Published on November 15th, 2012 | by Gerald Chan0
When Parody Twitter Accounts Go Too Far
“It’s all fun and games until someone gets hurt” Or in this day and age until someone gets slapped with a lawsuit.
The parody account @SingTelSupports seemed to have experienced this and have now taken the tone of their tweets to the category of ‘funny-jibes’ rather than ‘outright-hostile’.
Some background here – What @SingTelSupports does it that it connects with users on Twitter who are unhappy with the SingTel mobile service. At some point of time, the responses were spiked barbs of vitriol that pissed a few users off. I’m pretty sure that given that a user is already pissed off at not being able to access data on his phone, the last thing he would want is someone impersonating the company that he is angry at to compound the displeasure.
It is a pity that I did not taken more screenshots before they were deleted (shucks!)
What is Twitter’s stand on parody accounts and what can companies do about them?
In a nutshell, there’s little a company can do to the offending account if the account specifically states that it is no way affiliated to the company. Steps to distinguish itself would be to plainly state that it is a parody account in the description and trying their best not to use any logos that are trademarked or copyrighted. Once that is done, Twitter has already said that it’s fair game.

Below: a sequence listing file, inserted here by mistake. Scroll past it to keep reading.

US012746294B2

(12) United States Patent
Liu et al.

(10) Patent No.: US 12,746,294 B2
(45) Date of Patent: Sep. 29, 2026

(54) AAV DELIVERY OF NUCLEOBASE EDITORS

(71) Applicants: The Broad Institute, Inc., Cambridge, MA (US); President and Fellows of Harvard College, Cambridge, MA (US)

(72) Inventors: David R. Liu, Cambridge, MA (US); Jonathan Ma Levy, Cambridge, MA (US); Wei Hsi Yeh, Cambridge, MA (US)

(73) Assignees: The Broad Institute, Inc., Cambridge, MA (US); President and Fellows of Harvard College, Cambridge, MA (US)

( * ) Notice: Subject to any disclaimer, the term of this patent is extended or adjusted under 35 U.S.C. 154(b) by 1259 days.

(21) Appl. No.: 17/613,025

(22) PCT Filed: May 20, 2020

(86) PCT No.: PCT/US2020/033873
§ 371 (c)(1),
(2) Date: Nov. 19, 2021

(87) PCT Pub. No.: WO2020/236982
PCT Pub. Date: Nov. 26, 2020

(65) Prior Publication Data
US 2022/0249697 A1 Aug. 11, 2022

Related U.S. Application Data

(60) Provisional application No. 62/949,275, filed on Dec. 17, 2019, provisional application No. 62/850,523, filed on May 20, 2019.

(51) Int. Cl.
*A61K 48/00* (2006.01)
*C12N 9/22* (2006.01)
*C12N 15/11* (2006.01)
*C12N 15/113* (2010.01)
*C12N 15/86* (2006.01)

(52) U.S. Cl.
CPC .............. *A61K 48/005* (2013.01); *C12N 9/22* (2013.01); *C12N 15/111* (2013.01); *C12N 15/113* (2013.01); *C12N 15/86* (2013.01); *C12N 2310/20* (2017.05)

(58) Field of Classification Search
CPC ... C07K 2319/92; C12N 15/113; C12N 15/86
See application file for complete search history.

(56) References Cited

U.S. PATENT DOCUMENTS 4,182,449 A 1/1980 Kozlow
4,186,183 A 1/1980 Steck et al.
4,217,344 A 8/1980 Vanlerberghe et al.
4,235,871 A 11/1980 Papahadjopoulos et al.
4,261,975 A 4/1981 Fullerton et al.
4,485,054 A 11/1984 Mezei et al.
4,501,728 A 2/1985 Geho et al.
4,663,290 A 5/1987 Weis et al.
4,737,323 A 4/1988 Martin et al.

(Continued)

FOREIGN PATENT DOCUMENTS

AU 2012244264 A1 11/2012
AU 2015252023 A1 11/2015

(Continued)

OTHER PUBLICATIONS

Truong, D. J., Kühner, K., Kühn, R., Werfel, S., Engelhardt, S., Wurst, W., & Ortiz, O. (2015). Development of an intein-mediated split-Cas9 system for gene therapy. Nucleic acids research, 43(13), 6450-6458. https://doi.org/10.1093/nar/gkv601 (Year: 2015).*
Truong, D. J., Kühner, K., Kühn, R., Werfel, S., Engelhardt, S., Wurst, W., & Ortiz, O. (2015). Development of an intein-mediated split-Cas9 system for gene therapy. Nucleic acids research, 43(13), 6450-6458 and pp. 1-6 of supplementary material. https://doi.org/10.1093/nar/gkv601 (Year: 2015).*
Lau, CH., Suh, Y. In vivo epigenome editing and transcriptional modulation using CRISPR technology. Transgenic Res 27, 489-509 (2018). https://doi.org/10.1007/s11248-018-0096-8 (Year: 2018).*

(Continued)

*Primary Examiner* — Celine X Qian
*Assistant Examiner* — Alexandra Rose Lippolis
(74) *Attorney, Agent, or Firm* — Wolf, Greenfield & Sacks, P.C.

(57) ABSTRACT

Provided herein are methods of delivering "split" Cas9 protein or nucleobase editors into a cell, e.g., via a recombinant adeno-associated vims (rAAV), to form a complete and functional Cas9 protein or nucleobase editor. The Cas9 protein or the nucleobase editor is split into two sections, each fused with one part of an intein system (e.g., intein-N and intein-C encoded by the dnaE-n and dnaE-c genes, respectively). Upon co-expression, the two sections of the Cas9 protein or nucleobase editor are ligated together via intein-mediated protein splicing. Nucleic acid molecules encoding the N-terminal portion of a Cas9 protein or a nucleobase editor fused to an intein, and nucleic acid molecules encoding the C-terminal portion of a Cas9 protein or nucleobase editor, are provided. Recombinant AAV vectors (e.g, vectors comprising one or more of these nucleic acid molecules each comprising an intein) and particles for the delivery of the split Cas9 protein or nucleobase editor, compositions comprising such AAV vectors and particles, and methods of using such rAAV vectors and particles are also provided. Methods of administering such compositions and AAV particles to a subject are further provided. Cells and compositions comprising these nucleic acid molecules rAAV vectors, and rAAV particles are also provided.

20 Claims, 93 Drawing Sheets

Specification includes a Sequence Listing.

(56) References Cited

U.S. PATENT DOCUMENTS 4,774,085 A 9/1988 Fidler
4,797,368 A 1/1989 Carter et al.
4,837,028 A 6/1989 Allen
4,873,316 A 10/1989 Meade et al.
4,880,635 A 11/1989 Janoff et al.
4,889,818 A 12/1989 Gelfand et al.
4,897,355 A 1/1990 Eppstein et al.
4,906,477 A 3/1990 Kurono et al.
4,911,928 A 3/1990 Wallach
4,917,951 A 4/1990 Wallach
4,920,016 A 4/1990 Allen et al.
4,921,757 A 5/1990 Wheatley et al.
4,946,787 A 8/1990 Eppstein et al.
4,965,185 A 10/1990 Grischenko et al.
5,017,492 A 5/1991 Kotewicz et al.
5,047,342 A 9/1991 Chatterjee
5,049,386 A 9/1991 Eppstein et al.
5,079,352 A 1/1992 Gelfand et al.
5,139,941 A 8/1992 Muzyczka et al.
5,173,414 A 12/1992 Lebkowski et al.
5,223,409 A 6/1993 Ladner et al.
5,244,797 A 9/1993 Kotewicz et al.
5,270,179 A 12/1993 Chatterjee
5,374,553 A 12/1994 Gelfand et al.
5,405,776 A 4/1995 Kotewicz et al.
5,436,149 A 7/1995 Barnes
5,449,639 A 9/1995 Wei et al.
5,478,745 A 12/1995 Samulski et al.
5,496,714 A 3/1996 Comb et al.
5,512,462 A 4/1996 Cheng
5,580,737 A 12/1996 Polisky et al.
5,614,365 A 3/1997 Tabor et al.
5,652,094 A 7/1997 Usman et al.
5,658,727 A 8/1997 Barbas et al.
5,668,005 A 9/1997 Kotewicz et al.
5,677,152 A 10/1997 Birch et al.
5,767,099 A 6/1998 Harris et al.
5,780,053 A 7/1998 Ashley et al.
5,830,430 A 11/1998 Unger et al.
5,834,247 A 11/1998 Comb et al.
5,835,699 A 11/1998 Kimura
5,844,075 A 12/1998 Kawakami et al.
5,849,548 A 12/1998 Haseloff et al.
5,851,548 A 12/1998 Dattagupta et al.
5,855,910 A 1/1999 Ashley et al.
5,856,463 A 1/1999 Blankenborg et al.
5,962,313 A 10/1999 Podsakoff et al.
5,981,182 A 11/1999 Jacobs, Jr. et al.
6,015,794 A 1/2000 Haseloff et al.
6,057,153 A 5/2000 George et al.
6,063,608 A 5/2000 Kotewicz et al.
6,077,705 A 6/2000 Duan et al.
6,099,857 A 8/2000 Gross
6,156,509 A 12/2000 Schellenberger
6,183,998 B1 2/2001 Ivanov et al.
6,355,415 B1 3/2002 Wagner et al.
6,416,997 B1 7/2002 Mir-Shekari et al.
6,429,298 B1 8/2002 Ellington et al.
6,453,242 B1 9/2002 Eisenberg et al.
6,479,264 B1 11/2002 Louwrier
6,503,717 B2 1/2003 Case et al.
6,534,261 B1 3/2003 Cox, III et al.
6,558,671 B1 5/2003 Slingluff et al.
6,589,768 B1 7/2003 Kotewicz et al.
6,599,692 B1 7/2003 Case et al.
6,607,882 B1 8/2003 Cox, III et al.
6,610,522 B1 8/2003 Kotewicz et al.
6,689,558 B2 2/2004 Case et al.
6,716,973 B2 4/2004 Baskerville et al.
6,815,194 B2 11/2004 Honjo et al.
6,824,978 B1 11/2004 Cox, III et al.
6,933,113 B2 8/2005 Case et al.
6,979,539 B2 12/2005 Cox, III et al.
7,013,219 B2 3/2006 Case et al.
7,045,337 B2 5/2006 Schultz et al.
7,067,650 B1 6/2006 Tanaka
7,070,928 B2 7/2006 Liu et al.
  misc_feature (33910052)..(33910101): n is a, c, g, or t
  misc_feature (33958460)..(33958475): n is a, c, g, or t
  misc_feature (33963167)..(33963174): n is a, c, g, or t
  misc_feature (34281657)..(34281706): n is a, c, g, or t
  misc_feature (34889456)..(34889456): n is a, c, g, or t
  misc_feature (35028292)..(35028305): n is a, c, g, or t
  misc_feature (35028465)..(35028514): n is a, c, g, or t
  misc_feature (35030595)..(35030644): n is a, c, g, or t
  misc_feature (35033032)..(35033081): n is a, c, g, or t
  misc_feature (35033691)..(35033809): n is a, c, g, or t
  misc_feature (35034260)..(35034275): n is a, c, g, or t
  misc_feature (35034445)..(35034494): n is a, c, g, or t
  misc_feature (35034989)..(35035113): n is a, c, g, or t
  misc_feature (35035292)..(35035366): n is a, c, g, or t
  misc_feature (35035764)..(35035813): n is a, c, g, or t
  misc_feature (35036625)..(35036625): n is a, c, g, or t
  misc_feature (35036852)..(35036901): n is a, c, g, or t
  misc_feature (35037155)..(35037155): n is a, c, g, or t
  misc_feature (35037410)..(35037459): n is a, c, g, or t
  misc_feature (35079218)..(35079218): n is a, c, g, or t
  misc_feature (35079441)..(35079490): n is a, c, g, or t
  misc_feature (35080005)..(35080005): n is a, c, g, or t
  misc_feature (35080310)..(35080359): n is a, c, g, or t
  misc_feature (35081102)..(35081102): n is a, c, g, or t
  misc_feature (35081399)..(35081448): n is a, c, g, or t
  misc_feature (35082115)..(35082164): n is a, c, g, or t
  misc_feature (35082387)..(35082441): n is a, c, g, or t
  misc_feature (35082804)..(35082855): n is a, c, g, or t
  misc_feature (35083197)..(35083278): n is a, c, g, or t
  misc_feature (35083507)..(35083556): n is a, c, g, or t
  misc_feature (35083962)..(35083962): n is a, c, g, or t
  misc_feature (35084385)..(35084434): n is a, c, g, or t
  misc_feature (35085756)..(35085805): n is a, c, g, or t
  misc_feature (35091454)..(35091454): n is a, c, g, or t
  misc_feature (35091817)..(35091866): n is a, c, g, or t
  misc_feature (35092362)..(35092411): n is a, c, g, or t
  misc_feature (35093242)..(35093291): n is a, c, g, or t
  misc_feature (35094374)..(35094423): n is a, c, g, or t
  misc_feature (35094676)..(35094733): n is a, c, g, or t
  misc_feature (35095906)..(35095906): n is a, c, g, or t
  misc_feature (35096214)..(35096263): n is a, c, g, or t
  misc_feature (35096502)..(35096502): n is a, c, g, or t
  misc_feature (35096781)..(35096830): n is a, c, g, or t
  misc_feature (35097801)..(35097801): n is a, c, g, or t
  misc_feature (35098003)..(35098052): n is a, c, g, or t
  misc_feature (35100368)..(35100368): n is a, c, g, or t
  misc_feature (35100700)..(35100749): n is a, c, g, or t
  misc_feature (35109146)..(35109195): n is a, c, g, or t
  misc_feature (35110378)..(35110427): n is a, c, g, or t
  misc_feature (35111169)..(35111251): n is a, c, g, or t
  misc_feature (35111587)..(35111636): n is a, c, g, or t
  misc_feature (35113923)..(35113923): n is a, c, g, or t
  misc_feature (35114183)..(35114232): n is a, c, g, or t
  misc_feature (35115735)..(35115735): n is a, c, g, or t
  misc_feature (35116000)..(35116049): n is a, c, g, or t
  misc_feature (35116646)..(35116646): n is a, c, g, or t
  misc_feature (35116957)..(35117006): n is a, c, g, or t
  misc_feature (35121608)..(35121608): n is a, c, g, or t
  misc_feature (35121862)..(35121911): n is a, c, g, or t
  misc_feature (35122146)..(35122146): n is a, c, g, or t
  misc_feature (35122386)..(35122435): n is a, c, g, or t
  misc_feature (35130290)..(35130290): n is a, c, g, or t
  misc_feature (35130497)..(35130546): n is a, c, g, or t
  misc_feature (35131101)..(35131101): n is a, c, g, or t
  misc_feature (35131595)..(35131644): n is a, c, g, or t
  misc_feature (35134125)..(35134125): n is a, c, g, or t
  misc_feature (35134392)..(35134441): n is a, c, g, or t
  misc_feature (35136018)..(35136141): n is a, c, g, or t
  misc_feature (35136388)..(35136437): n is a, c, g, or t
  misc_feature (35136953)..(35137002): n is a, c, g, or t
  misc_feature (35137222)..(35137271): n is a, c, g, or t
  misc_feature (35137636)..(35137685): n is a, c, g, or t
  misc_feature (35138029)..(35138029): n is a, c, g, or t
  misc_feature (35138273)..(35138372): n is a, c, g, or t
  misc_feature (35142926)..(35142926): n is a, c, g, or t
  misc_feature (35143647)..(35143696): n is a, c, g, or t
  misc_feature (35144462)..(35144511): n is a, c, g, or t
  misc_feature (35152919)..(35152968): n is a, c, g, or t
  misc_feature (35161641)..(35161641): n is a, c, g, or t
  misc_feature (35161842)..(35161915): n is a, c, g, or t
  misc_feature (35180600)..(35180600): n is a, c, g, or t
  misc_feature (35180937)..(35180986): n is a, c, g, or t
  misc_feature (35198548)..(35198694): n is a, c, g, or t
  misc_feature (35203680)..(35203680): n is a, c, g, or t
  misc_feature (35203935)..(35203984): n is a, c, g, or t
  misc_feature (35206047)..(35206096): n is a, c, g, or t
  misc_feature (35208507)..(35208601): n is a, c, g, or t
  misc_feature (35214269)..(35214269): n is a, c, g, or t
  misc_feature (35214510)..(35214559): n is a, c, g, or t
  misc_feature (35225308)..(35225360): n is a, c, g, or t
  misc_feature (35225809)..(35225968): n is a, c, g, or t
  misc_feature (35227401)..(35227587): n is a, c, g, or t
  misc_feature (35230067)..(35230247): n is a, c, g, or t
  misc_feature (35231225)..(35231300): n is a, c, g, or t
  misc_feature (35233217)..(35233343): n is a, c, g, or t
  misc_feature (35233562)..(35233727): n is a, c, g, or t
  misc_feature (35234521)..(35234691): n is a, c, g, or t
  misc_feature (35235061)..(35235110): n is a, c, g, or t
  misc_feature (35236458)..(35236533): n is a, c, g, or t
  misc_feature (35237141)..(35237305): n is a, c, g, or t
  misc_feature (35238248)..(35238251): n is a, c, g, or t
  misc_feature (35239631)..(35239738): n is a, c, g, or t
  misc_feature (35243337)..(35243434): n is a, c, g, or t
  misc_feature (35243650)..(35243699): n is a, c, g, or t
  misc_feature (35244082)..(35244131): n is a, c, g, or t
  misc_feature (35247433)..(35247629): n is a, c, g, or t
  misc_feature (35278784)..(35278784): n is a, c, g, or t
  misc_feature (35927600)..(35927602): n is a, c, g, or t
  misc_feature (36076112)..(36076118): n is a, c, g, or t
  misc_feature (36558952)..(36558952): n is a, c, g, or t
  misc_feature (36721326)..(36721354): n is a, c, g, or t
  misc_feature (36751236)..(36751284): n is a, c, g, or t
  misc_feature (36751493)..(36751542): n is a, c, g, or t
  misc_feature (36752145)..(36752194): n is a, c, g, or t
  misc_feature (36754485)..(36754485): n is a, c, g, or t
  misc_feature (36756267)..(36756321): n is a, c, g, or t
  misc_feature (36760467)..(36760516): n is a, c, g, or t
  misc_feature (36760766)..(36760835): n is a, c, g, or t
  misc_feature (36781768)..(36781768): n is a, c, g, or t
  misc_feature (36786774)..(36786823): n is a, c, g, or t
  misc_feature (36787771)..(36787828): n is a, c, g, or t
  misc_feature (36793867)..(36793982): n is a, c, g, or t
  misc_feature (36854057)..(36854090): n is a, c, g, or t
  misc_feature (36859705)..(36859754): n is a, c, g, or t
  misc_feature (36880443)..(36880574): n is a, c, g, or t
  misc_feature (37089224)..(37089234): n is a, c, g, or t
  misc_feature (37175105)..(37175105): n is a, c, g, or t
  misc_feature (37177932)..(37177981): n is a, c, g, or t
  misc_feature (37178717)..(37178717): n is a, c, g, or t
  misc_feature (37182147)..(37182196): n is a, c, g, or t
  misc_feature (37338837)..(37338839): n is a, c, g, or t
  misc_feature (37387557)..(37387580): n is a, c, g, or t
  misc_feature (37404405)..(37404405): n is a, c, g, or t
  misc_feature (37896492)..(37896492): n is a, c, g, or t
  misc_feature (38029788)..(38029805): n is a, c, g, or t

At an even more advanced level, Shell, the global oil company, themselves have been a target of an elaborate social media campaign to highlight their environmental impact. The campaign consists of a Twitter account, Facebook account and an actual working website. It fooled many on the Internet and the spread of the campaign was accelerated with the use of image macros which allowed visitors to create mocking slogans directed at Shell’s efforts in the arctic.
This is where the line is drawn. If these parody accounts are created with the sole purpose to generate malice, I’m sure any company is more than willing to summon their army of lawyers to take the battle to the courtroom. But it seems that such actions don’t hold much weight in the UK, it might not be the same in Singapore.
So seriously, how does a company combat parody accounts? Apart from the advice that your PR company will give you like “make sure that your customers know that it’s not really you”, companies might also want to stop being dicks themselves.